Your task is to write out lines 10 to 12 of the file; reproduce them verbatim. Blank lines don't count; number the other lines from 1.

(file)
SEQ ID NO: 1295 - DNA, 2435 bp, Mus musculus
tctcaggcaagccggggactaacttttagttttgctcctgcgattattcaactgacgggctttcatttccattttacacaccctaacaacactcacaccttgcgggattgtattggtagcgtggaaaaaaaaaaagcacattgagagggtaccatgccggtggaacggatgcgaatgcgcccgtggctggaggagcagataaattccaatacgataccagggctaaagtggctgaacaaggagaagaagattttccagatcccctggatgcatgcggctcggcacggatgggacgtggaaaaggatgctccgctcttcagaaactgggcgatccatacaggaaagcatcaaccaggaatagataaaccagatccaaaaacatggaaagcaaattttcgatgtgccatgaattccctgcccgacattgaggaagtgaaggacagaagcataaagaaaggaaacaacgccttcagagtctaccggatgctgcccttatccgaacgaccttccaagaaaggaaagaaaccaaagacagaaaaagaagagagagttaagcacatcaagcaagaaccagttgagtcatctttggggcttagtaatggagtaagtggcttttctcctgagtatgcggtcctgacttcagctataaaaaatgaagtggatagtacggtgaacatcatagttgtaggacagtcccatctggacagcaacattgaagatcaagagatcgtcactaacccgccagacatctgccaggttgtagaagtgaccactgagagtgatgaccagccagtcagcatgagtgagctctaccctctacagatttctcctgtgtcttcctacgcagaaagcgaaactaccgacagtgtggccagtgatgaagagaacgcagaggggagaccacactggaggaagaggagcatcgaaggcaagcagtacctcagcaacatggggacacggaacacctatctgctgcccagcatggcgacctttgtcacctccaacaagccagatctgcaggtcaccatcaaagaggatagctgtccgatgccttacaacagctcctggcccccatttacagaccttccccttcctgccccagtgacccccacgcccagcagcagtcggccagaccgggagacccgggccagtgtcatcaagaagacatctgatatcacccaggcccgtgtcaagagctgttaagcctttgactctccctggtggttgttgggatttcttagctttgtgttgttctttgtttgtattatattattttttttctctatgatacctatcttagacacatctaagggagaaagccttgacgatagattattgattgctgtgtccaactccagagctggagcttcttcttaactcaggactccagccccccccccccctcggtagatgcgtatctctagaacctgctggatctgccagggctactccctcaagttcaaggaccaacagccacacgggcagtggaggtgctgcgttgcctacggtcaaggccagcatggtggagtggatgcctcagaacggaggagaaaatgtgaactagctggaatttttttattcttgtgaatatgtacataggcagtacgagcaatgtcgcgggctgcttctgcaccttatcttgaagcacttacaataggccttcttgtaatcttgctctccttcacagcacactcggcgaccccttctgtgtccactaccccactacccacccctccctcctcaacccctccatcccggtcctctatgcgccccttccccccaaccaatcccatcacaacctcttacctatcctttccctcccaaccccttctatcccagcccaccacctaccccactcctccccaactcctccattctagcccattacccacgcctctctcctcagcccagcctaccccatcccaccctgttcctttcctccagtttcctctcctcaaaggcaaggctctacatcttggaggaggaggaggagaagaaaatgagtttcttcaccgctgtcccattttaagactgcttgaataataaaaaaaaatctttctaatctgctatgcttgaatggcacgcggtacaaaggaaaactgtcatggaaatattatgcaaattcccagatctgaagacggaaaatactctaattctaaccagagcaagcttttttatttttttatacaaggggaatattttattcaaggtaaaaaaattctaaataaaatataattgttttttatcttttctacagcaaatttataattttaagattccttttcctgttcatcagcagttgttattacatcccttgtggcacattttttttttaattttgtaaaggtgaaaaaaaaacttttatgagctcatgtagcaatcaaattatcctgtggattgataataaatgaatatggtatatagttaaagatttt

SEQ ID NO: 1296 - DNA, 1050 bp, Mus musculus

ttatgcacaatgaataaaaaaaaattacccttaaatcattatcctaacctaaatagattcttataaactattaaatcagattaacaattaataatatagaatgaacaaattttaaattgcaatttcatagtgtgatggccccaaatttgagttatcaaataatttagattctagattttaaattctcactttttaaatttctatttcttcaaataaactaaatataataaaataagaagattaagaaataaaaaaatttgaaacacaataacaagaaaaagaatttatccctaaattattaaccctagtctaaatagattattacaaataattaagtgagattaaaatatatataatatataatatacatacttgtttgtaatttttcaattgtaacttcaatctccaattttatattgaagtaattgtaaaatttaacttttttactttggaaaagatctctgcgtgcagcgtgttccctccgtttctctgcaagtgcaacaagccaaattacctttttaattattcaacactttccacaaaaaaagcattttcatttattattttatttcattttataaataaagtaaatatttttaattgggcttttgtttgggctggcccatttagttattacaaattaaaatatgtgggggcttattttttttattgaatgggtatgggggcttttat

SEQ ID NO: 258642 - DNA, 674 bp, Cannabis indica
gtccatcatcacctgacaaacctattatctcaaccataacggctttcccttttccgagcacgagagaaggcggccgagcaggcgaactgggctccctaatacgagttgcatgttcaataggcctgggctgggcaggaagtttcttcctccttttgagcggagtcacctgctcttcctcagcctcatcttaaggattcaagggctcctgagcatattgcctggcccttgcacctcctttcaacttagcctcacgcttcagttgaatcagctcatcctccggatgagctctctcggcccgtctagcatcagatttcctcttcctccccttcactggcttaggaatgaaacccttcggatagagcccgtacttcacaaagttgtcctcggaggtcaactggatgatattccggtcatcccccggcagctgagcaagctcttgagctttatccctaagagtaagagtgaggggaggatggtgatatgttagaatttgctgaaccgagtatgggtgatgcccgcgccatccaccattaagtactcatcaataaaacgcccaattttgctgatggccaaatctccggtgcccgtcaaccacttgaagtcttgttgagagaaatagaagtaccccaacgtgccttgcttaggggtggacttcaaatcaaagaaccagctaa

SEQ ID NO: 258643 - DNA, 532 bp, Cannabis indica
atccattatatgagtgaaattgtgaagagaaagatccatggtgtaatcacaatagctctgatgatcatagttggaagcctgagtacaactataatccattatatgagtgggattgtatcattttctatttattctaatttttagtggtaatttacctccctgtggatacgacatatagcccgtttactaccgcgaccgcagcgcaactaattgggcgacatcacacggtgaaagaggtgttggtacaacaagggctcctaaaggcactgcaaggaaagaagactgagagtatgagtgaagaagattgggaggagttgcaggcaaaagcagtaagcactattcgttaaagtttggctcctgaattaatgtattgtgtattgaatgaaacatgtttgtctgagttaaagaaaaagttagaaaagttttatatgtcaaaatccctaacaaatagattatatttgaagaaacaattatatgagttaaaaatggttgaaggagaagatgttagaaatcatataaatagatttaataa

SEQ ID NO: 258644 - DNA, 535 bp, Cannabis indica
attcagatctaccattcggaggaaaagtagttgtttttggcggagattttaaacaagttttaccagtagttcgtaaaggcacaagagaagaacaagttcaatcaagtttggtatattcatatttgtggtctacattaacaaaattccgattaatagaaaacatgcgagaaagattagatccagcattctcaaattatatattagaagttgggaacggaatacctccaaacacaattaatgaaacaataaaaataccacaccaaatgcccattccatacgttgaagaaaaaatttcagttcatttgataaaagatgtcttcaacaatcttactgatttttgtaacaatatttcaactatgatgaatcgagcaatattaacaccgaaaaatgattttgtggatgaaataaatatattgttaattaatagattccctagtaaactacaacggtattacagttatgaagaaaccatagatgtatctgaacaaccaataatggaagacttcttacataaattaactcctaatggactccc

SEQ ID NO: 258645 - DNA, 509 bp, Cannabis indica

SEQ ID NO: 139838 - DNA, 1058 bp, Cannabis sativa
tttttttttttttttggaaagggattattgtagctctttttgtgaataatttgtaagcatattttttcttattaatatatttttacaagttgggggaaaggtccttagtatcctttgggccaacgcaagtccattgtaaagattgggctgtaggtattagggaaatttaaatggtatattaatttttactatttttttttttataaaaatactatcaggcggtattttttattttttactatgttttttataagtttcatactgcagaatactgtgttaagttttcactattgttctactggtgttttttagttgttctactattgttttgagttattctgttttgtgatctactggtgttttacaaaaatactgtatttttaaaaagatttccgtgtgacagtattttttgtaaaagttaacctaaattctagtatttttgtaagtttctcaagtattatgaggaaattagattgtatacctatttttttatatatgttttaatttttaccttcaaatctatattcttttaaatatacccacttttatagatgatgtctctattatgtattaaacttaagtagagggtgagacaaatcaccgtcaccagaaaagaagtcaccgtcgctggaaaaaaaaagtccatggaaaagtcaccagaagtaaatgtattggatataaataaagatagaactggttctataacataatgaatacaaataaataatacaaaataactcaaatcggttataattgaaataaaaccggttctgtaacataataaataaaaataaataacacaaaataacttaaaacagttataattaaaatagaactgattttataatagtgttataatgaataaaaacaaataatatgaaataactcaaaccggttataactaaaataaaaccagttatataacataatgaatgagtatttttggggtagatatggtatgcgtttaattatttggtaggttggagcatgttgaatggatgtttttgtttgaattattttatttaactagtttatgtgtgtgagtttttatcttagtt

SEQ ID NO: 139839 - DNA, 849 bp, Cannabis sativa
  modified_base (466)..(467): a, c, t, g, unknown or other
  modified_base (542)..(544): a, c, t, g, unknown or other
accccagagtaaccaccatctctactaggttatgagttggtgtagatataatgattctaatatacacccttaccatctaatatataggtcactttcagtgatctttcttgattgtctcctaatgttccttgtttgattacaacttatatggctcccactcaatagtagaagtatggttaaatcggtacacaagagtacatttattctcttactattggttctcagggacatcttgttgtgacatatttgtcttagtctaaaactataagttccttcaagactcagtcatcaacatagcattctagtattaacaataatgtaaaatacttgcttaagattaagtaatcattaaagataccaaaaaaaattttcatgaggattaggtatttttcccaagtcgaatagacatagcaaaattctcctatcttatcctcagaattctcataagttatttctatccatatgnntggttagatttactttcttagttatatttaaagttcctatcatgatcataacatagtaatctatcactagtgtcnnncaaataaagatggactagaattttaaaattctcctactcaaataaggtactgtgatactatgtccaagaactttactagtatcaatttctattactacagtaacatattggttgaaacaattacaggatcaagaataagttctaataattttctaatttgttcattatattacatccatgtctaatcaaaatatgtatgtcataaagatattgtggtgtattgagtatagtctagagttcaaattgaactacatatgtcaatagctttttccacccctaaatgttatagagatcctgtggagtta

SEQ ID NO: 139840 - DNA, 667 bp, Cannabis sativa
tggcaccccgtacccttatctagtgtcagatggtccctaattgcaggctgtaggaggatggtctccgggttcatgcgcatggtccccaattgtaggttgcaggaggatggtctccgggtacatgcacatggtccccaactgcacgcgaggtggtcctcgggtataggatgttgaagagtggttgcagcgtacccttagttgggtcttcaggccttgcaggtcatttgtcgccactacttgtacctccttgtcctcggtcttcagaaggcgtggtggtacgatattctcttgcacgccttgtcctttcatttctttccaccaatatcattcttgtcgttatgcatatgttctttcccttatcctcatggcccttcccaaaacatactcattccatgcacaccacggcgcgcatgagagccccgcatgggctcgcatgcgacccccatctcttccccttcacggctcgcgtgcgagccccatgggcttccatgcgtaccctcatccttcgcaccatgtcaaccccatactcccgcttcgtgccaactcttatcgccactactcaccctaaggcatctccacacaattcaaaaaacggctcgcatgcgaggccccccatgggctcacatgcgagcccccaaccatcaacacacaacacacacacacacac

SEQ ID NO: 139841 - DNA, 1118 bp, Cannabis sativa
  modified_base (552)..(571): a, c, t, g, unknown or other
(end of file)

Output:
attcagatctaccattcggaggaaaagtagttgtttttggcggagattttaaacaagttttaccagtagttcgtaaaggcacaagagaagaacaagttcaatcaagtttggtatattcatatttgtggtctacattaacaaaattccgattaatagaaaacatgcgagaaagattagatccagcattctcaaattatatattagaagttgggaacggaatacctccaaacacaattaatgaaacaataaaaataccacaccaaatgcccattccatacgttgaagaaaaaatttcagttcatttgataaaagatgtcttcaacaatcttactgatttttgtaacaatatttcaactatgatgaatcgagcaatattaacaccgaaaaatgattttgtggatgaaataaatatattgttaattaatagattccctagtaaactacaacggtattacagttatgaagaaaccatagatgtatctgaacaaccaataatggaagacttcttacataaattaactcctaatggactccc

SEQ ID NO: 258645 - DNA, 509 bp, Cannabis indica

SEQ ID NO: 139838 - DNA, 1058 bp, Cannabis sativa